11. #11
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    Alex,

    I agree. I needed to have a bit of input as it is never easy for a client (whom the website company presumes in not as technically competent as they are!) to argue the point.

    I have a follow up question which is : If the site seems to work on my computer in FF, IE and Chrome - and there are others, does it follow that it will work like that on your computer?

    I also presume that if the doctype is XTHML then meta tags in uppercase and not closed are ignored by some spiders etc?

    I really appreciate the feedback from all you guys. You make a difficult job so much easier. However it's a shame that some companies rely on forums to replace their support!

    Henry

  12. #12
    Follow: @AlexDawsonUK silver trophybronze trophy AlexDawson's Avatar
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    Browser rendering works exactly the same no matter what platform the end user uses with a few exceptions. Font sizes may appear different based on the resolution, DPI and typeface availability, colors may look different depending on the color contrasts available to that machine and their monitor, layout and overflow / scrolling may occur based on the screen size or device. There is a real difference to how a website will look if they are using a mobile device in preference to a desktop or laptop but generally speaking, visiting a website using chrome on your machine will look the same as chrome on my machine, unless of course they choose to override settings such as disabling stylesheets / scripting, custom styling, text resizing and zoom.

    Remember that there are a variety of web browsers with their own rendering engines, IE, Firefox and Chrome have independent rendering engines but it may also be worth checking the website in Opera, older versions of IE (through a product like IETester) and Safari.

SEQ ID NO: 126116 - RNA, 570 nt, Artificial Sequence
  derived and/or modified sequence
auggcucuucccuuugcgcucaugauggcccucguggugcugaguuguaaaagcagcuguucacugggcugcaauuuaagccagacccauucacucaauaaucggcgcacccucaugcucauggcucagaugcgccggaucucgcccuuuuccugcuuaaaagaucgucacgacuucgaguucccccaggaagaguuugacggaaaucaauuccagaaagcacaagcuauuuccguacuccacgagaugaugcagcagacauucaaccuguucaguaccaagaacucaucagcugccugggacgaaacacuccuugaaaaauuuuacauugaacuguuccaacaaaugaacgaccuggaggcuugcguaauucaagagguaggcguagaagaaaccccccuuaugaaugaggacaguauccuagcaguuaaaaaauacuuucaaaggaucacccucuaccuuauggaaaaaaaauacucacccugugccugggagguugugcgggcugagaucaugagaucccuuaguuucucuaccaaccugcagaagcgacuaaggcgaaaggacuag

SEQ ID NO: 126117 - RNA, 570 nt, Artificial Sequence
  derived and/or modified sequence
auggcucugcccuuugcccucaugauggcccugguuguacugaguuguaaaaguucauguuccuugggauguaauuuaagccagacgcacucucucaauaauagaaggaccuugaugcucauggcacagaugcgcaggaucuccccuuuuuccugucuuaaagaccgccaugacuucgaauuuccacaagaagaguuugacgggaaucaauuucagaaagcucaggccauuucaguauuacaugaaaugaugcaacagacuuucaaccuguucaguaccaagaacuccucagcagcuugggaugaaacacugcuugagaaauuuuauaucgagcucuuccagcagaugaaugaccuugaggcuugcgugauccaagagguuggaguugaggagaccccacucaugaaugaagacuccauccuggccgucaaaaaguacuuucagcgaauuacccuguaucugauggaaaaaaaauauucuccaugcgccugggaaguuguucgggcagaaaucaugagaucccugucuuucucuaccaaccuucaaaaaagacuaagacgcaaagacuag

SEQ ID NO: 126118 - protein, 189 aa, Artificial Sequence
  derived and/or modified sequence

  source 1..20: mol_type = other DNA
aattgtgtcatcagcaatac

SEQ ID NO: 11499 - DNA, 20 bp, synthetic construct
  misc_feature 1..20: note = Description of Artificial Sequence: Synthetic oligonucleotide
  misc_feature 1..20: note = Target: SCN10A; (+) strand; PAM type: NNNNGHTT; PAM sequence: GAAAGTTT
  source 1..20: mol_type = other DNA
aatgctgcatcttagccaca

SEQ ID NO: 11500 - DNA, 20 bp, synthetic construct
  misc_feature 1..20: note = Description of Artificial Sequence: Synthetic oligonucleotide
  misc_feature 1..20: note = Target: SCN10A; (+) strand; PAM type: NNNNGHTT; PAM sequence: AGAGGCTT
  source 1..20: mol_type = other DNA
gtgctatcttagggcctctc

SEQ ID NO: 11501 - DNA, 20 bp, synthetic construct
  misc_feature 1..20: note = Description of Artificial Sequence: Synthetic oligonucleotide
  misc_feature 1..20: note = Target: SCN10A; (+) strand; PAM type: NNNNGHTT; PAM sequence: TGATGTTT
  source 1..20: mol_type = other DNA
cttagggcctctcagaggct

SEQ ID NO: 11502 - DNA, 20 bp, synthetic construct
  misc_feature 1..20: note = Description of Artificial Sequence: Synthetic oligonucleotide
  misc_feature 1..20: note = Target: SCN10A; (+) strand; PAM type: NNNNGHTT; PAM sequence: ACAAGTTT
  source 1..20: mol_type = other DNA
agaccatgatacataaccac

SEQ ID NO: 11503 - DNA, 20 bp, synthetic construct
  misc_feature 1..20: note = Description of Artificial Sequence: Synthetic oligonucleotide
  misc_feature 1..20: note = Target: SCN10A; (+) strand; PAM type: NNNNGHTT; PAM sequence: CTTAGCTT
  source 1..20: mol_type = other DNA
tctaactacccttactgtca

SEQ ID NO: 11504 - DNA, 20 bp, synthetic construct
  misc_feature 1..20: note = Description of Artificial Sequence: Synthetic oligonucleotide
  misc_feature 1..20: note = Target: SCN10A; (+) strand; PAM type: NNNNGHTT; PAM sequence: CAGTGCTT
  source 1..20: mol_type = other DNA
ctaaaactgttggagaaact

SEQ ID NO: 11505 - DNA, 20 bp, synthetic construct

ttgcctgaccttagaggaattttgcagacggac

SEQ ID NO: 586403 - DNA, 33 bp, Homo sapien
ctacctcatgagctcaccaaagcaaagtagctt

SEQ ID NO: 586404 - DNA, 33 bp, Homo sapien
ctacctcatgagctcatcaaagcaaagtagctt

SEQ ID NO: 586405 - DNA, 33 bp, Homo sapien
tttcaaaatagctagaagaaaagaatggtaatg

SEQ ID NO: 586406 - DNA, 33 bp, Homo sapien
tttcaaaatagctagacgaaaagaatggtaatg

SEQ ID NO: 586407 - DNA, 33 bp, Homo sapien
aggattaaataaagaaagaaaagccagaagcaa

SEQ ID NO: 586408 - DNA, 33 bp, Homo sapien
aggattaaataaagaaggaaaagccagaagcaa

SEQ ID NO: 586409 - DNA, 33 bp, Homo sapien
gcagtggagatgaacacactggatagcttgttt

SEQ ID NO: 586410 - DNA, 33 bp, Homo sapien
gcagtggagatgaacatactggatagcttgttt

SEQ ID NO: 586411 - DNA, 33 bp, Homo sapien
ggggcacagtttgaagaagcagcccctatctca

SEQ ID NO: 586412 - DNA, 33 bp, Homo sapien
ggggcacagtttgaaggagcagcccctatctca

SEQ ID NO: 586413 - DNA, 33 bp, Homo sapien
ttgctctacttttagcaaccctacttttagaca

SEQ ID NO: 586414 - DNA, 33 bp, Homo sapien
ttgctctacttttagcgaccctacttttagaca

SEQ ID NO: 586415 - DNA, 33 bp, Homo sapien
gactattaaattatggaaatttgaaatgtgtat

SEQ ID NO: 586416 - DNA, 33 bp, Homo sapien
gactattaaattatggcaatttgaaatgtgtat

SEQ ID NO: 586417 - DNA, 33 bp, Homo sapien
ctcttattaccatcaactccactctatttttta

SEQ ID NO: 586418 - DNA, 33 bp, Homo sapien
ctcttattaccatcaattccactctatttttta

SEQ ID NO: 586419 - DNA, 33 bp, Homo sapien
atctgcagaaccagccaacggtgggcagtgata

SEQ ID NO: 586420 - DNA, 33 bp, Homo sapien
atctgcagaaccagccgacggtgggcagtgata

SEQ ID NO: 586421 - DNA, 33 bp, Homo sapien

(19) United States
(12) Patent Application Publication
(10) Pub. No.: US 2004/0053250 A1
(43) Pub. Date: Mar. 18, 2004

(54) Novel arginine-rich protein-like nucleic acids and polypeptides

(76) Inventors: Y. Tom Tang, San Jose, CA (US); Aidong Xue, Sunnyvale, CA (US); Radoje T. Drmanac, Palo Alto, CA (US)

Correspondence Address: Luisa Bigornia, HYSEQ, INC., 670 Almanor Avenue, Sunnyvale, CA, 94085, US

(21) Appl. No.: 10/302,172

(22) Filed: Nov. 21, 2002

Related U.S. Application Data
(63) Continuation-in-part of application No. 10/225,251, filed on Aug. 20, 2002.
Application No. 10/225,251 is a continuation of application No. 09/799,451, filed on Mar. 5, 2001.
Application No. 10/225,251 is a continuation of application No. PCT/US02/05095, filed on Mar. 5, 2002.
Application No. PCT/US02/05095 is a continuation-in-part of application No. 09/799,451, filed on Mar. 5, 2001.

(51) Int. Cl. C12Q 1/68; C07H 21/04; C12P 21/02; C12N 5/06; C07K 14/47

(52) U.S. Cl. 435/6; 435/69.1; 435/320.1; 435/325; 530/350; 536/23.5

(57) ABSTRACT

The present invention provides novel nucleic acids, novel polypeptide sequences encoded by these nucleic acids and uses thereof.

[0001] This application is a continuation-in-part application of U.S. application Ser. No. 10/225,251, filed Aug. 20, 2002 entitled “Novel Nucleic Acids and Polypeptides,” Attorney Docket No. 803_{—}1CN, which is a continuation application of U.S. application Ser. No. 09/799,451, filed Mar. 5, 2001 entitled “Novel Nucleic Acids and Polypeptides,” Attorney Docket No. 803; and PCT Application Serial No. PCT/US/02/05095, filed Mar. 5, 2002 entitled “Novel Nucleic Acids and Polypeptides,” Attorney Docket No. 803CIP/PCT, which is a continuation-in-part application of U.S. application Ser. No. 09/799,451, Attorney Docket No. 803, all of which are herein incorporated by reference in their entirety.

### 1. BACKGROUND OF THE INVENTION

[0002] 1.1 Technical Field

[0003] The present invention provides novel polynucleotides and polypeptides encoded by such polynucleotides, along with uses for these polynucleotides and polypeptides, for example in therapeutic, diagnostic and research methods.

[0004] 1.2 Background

How search engines interpret your website is pretty cryptic and though we have best practice guides, we do not have any standard information to work with. What I would say is that if your meta tags are not properly represented and your content (especially) is not marked up correctly and at minimum passes validation, you can guarantee your search engine ranking may be compromised or damaged as a result. Also note that META tags these days are often ignored by places like Google who focus more on the “meat” of the website rather than the META. Which makes it all the more important to make sure your website validates and is coded properly.

  13. #13
    SitePoint Author silver trophybronze trophy

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    Quote Originally Posted by henrybarnett View Post
    If the site seems to work on my computer in FF, IE and Chrome - and there are others, does it follow that it will work like that on your computer?
    Unfortunately, no. It's likely, but not certain. Other users can have a different monitor resolution (I'm talking DPI here, not monitor size which people incorrectly call 'resolution'). They may not have the fonts that the page uses. They may have set a minimum font size due to visual impairment. They may have plug-ins, JavaScript, images and/or CSS disabled. And so on...

    Quote Originally Posted by henrybarnett View Post
    I also presume that if the doctype is XTHML then meta tags in uppercase and not closed are ignored by some spiders etc?
    I assume the pages will be served as text/html (since no version of Internet Explorer has any support for XHTML whatsoever). If so, it IS HTML, not XHTML, as far as browsers, spiders and other user agents are concerned. All browsers (except a very obscure one) have buggy HTML parsers that let you get away with the invalid or incorrect '/>' syntax for certain elements, and spiders are equally forgiving.